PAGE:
Straw Affiliation (Revision)
Someone assume that Bob have certain opinions, need or whatever based on his race, gender or similar


(permanent link) added: 2011-04-10 04:01:47 sponsor: Xzenu (last reply: 2011-04-20 06:01:55)

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Rolling Updates * Needs More Examples


"Damon, you can't be a Republican!"
"Why not?"
"Because only Democrats fight racial stereotyping!"
"Well... why me?"
"Why?! Because you're black!!"

Bob belong to a lot of groups. For example, he might be a man, an american, an atheist (reasonable or otherwise), a heterosexual, and me might also have black skin.

Now, Alice picks one of these many groups, and simply assume that Bob thus have certain opinions, beliefs, even needs. If Bob doesn't agree, it's because Bob doesn't know his own good, maybe doesn't even know what he really want. She might even go so far as accusing him of being a Category Traitor. Or simply dismiss him as not being a real man/american/atheist/heterosexual/black/whatever. When a character does this kind of stereotyping, it is Straw Affiliation. When it's the author who does this, it's something else... typically a Strawman Political, maybe in an Author Tract.

See also Gay Conservative, No True Scotsman, Uncle Tom Foolery. Contrast Mars and Venus Gender Contrast, where gender-based Straw Affiliation is justified by the narrative.


Examples:

Live-Action TV
  • The 3rd Rock From The Sun episode "Dick the Vote" included this subversion:
    Mary: Hecky Mulligan! How can you vote for Hecky Mulligan? Nina, can you believe that?
    Nina: How do you know I'm not voting for Mulligan?
    Mary: I thought you were a Democrat.
    Nina: And why do you think I'm a Democrat, because I'm black?
    Mary: Go ahead, vote for Mulligan!
    Nina: I'm not voting for Mulligan!

  • Used to great effect in an early episode of The West Wing, where Josh is arguing with a Republican congressman, Matt Skinner, over provisions in a proposed anti-gay marriage law. He is baffled by the congressman's refusal to vote against it, even though Skinner himself is gay. When Josh finally breaks down and asks why he doesn't vote against the bill, and why he's even a member of the party when the Republicans always have an anti-gay message, Skinner replies that yes, he is gay. But he is also for lower taxes, less government, and most other Republican positions, and he simply chooses not to let his sexuality, rather than his principles, decide how he should vote.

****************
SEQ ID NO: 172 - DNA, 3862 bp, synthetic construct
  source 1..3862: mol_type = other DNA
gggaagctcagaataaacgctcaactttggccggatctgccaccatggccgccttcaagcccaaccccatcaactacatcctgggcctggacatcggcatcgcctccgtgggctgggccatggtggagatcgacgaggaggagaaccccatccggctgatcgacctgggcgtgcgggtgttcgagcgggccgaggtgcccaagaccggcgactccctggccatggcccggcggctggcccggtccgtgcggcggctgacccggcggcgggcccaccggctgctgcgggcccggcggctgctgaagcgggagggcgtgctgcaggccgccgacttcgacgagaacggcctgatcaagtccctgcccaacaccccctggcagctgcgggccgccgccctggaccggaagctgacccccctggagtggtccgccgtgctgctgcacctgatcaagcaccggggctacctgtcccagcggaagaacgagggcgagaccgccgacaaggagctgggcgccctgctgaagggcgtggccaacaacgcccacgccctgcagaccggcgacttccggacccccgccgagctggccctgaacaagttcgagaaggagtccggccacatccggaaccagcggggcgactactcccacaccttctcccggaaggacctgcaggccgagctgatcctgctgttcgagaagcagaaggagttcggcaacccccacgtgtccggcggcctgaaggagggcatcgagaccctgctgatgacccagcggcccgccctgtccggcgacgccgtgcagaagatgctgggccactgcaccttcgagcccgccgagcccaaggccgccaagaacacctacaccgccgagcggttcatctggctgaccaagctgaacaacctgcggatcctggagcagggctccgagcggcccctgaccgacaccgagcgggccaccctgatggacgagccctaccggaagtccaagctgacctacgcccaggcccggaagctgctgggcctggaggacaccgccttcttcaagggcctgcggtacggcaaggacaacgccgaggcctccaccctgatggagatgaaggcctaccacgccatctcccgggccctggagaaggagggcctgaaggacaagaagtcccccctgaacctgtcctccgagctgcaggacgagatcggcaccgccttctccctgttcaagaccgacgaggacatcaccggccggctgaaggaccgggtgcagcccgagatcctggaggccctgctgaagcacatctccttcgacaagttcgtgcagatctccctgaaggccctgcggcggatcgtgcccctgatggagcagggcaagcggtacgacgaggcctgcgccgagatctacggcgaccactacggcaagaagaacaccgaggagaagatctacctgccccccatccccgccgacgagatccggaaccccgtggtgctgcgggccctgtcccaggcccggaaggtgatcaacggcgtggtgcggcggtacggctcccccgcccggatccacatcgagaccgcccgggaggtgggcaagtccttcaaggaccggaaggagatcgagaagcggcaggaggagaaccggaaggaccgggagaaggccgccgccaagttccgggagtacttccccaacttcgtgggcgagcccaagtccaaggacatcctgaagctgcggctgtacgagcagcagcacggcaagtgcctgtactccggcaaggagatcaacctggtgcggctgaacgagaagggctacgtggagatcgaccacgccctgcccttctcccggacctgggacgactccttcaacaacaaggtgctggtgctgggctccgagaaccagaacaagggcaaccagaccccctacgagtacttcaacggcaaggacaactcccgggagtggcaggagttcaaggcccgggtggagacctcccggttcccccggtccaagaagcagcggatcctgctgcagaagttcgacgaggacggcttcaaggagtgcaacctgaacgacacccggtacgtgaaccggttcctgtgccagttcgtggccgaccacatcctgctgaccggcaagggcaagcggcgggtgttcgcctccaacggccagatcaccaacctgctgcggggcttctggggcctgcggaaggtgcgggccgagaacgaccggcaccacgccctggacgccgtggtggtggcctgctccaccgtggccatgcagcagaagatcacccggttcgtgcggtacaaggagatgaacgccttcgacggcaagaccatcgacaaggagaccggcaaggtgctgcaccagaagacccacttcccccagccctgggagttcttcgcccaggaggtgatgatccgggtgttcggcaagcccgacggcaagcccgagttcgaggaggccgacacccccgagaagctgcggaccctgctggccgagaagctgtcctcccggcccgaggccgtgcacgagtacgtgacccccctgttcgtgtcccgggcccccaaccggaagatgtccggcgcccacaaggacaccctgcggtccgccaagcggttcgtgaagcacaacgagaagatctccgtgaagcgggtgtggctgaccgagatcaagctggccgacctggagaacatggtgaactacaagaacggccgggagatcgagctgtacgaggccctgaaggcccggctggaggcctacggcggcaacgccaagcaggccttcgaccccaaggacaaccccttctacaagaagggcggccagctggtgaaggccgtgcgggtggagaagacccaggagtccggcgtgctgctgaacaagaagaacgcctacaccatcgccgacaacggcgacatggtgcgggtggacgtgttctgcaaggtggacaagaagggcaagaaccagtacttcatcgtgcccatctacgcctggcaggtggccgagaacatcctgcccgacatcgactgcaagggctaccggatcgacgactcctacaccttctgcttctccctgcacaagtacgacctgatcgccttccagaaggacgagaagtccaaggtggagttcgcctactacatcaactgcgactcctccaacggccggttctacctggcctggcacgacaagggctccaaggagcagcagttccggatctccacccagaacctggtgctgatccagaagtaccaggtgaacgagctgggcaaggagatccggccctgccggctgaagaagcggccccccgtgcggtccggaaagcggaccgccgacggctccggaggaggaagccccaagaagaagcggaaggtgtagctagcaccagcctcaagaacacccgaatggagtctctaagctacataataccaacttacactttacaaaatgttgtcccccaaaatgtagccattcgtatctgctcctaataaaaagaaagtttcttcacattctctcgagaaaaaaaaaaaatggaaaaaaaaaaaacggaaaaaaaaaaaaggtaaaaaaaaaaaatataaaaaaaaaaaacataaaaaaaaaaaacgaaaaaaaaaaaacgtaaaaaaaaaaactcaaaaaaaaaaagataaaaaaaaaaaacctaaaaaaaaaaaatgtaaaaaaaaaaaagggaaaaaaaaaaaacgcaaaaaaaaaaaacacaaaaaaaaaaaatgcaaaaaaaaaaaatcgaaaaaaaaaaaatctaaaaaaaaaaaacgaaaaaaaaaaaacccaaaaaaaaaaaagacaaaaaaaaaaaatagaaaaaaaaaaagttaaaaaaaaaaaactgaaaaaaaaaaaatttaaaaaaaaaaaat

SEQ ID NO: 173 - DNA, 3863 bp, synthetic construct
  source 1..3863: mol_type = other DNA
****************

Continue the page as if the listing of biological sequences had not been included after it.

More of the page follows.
Real Life

Webcomics
  • The Day By Day cartoon outlined at the top of the page.
    • It gets worse. It is later revealed that Damon is an orphan, causing Jan, the Straw Liberal to declare that this explains why he's a Republican as he doesn't know how a black person is supposed to act. Did I mention they're now a couple?
  • The now defunct online comic Queer Nation featured the examples of a black gay man who spoke at a Republican benefit and, during it, received superpowers; the "Lambda Rays" put him in blackface, a hobo suit, and apparently gave him the moniker "Uncle Tom". He immediately began dancing for the white crowd in front of him. One of the few Author Tract examples of this trope in action.

Web Original

Western Animation
  • In South Park, at the end of "Cripple Fight", Big Gay Al gives an inspiring speech about how he doesn't believe the government has the right to force the Scouts to accept homosexuals. A bewildered Gloria Allred quickly attacks Big Gay Al as being a homophobe.
  • On Aqua Teen Hunger Force, Master Shake is surprised to learn that Frylock is not amused by a Jive Turkey talking cellphone, despite the fact that Frylock is black. Or at least, he sounds black.


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